by | Dec 10, 2023 | blog | 0 comments

For properties located in Catalonia, this matter is regulated in fith book of the Civil Code of Catalonia, approved by Law 5/2006 of 10 May, in force since 1.7.2006.

The article 546-11 CCCat provides the regulation in the case of buildings in poor condition and dangerous trees, and establishes the right of the owners of the neighbouring property to demand that, the owners of the property causing the danger or threatening health and safety adopt the appropriate measures to put an end to the dangerous situation, or even to demolish the construction element causing the danger.

But we analyse in this article is the regulation of art. 545-3 CCCat, corresponding to restrictions in the private interest.

As is well known, the right to property is direct and absolute, but legislation establishes and regulates its limits.

Lately, we have come across many cases in which owners are unaware of the limits to their own rights, which can lead to them being sued by a neighbouring owner, who requests access to his property in order to carry out works on his own property, with compensation for the damages that this may cause.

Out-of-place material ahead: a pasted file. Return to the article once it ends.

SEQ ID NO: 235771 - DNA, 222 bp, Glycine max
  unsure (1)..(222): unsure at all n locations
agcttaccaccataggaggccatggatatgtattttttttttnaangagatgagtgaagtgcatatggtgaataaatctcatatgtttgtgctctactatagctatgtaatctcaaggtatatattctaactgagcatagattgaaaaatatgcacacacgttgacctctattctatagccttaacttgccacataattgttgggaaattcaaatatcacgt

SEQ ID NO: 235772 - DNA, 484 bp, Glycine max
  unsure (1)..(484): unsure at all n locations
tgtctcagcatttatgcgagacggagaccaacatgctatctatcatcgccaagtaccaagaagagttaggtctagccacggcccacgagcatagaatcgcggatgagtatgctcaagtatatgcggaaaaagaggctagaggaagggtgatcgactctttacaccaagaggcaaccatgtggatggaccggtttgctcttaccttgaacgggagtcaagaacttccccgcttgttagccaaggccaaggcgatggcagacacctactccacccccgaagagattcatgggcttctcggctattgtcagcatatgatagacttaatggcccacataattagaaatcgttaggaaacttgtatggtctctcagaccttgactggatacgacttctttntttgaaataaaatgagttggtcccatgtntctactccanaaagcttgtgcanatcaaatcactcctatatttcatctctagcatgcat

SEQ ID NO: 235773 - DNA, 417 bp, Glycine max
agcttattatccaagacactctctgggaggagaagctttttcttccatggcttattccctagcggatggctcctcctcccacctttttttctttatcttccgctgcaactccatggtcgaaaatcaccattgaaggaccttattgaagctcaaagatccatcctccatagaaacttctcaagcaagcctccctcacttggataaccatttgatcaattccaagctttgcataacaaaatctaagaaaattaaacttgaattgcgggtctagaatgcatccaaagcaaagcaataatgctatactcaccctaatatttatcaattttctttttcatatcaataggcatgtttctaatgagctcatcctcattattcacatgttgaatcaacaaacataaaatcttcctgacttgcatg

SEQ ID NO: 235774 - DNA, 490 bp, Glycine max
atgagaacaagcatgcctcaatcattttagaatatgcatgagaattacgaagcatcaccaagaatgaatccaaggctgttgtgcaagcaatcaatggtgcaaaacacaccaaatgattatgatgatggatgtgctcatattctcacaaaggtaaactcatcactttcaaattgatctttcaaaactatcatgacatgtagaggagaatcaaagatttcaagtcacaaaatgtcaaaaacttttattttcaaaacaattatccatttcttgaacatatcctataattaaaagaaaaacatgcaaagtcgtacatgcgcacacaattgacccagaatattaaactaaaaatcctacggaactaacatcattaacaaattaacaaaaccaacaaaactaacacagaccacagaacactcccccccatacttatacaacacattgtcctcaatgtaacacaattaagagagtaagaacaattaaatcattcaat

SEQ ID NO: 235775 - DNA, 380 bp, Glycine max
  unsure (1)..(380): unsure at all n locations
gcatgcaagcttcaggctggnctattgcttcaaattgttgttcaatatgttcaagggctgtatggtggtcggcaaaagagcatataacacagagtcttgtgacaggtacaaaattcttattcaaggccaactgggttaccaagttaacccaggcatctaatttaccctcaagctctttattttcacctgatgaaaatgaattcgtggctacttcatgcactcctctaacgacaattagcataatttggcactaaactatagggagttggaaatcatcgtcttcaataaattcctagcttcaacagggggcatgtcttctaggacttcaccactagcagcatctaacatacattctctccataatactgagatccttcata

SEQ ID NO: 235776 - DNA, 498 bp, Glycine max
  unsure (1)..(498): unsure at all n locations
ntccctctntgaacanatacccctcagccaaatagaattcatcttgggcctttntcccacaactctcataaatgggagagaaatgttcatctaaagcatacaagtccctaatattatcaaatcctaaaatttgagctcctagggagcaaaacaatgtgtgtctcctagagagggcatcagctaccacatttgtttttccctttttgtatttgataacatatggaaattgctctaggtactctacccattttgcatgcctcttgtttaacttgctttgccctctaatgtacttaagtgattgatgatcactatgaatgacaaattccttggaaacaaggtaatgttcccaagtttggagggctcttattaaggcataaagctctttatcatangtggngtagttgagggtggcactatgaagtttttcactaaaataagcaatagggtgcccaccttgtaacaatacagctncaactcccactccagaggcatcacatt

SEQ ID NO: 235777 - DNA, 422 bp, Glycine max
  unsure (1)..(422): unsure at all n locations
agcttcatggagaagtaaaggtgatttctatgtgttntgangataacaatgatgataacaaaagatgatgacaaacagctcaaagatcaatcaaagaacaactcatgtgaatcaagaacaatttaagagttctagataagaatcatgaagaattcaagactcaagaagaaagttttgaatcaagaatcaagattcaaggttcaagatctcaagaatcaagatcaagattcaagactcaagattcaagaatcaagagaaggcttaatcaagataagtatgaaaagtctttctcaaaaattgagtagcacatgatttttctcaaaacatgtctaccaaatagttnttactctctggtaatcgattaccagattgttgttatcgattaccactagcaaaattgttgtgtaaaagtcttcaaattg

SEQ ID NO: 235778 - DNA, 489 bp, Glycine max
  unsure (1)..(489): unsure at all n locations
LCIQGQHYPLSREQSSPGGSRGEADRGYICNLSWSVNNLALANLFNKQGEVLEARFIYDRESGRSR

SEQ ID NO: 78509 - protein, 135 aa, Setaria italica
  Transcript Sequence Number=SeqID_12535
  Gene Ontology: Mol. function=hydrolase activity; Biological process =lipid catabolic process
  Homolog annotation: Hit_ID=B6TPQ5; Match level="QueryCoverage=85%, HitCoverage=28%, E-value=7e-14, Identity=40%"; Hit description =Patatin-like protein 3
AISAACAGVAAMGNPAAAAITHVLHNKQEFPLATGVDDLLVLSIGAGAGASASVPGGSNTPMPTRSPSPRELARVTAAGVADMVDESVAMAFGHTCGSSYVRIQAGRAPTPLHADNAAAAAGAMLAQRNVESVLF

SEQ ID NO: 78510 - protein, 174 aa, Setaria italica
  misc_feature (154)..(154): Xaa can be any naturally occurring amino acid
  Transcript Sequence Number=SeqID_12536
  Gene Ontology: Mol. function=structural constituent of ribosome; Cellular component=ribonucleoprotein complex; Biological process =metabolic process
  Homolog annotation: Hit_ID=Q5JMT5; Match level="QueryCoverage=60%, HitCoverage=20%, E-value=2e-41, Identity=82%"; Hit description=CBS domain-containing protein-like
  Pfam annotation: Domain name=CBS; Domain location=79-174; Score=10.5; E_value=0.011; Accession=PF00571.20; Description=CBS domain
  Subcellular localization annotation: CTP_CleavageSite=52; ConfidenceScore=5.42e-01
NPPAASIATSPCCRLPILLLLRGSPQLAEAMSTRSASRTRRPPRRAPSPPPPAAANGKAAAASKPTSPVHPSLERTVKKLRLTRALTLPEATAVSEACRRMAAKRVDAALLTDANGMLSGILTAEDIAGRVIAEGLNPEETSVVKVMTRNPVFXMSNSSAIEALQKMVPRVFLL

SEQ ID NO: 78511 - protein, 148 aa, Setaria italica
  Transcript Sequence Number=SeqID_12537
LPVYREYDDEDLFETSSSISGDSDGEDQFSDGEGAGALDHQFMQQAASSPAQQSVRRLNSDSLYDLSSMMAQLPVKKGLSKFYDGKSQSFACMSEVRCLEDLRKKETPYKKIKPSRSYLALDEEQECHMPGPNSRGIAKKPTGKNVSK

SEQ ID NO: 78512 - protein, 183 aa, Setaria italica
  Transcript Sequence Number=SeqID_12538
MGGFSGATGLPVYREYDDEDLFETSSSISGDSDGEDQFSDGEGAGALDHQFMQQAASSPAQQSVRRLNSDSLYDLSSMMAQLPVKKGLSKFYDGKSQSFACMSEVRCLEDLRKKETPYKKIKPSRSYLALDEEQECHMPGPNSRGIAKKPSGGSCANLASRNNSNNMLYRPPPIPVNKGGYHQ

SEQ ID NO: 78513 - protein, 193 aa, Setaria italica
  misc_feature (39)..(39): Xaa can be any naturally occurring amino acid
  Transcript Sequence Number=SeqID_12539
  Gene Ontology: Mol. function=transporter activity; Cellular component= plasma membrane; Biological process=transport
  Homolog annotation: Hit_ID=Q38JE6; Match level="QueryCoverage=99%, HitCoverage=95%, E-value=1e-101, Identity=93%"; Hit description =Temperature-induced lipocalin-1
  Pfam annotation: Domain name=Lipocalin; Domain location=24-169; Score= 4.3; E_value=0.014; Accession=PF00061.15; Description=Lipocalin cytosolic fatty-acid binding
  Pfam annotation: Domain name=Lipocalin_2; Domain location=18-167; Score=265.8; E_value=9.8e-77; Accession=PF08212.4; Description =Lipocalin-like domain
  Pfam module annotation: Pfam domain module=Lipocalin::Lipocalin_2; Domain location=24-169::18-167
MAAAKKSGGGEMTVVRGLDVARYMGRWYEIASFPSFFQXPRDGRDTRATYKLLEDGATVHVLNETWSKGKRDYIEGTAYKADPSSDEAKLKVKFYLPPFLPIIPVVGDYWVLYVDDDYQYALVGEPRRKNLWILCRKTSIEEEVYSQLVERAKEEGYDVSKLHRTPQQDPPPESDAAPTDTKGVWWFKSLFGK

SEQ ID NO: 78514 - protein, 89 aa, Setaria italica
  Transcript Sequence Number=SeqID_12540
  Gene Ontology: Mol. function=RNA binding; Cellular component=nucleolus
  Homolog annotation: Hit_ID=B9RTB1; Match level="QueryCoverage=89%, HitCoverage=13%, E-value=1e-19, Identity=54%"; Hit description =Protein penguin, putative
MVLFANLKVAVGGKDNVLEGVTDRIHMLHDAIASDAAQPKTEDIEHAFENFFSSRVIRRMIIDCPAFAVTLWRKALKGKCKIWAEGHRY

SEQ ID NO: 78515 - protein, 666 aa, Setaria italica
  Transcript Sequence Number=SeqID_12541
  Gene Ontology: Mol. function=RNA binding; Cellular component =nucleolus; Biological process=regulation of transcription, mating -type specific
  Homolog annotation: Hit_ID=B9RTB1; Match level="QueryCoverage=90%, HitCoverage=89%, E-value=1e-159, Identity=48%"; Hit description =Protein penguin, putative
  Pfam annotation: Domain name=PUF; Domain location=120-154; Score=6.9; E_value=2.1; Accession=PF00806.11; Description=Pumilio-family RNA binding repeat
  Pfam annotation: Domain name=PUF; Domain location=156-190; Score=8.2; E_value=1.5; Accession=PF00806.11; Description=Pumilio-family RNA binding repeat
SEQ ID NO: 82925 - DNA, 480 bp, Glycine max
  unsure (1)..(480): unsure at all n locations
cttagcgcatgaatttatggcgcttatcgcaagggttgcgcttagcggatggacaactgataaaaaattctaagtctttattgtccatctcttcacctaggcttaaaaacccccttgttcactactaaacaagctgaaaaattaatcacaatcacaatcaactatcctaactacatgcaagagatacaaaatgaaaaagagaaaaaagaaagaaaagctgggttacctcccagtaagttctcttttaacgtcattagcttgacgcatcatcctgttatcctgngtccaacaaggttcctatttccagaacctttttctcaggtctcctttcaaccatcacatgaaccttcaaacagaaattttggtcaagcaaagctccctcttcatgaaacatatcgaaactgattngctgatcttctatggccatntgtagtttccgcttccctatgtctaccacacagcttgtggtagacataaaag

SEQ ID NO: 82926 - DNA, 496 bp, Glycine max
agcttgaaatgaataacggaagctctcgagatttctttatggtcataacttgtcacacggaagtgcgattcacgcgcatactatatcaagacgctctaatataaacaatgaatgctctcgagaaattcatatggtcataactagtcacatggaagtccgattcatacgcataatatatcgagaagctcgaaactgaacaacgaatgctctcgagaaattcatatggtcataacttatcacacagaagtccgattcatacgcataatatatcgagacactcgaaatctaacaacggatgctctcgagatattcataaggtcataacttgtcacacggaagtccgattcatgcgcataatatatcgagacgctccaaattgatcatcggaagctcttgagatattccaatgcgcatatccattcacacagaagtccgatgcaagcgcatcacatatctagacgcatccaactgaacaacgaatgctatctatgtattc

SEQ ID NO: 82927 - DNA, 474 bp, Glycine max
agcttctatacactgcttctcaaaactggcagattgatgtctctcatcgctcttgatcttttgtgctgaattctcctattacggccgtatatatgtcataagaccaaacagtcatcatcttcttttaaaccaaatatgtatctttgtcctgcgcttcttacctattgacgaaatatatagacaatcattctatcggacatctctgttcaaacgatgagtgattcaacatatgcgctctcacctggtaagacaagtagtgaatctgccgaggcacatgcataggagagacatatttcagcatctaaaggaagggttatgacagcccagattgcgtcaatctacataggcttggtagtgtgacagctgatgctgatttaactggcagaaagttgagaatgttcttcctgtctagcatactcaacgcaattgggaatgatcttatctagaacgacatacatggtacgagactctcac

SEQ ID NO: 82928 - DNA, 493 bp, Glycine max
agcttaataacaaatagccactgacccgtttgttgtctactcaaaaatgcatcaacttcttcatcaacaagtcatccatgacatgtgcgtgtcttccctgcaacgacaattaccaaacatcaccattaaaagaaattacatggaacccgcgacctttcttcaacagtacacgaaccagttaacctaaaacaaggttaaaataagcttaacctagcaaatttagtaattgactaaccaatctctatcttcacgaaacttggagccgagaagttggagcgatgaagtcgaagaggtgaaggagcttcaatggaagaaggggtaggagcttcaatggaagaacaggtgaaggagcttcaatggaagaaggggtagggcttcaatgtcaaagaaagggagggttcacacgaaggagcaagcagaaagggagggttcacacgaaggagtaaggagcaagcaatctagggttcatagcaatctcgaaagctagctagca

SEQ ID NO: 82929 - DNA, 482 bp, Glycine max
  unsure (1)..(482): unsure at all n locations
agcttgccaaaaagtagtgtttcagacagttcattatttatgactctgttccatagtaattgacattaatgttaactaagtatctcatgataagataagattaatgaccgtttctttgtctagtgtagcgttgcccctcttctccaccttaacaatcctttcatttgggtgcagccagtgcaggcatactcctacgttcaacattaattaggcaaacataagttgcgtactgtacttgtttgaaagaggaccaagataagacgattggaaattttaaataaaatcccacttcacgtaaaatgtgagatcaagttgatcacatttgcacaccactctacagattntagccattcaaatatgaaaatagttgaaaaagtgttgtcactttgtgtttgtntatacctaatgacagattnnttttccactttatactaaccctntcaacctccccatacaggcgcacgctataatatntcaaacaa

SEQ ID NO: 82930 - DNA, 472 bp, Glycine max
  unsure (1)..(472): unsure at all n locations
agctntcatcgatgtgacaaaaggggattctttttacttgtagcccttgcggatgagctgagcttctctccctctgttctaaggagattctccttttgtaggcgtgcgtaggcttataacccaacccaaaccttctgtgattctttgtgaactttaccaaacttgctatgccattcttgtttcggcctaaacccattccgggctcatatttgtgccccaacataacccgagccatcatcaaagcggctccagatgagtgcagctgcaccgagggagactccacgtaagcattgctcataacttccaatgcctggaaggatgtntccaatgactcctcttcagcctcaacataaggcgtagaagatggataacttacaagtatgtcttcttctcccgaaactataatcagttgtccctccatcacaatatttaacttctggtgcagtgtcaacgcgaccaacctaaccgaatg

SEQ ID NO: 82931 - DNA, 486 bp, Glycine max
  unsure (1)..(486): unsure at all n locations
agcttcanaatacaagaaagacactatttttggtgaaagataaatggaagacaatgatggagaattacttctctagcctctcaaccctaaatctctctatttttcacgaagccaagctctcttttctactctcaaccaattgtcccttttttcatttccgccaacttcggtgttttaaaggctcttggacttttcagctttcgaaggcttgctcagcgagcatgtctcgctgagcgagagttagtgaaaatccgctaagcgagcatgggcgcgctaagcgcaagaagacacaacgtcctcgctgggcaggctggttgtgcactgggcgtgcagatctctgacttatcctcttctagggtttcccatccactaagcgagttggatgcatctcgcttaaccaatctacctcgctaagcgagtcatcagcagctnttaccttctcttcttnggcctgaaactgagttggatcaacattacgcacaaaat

This restriction can be judicially demanded and results from the regulation of neighbourly relations and in the private interest, also developed in case law.

The question that arises is whether there is a right to demand compensation, as a prerequisite to the occupation of the property, or as a consequence of it, and limited to the damages that exceed the nuisances inherent to the temporary use of the property.

If the nature of the right were an easement, it would be subject to the prerequisite of fair compensation for its compulsory or legal constitution, but as it is a legal limitation of the domain of the properties, due to good neighbourliness, the prerequisite of payment of an occupation fee or rental price does not apply.This is because, unlike easements, legal limitations due to neighbourliness are characterized by reciprocity, and from them derive the normal discomfort caused by the temporary occupation of the property, which must be tolerated without having to pay anything for it, due to the requirements of neighbourly coexistence.

All of this, without prejudice to the eventual and subsequent compensation that may correspond if due to its intensity, surface extension, duration, or due to the discomfort or disturbances generated, it exceeds the ordinary or normally tolerable in normal coexistence, or if damage has been caused, which evidently must be accredited as having been effectively produced, not being presumable or foreseeable.

The conclusion is that the obligation to consent to the passage through one’s own property cannot be made conditional on any guarantee, as this is not provided for in the legal regulation on the matter, and in the event of a legal action, no opposition on this ground would be successful.

If you would like to know more about this and your specific case, please do not hesitate to contact us.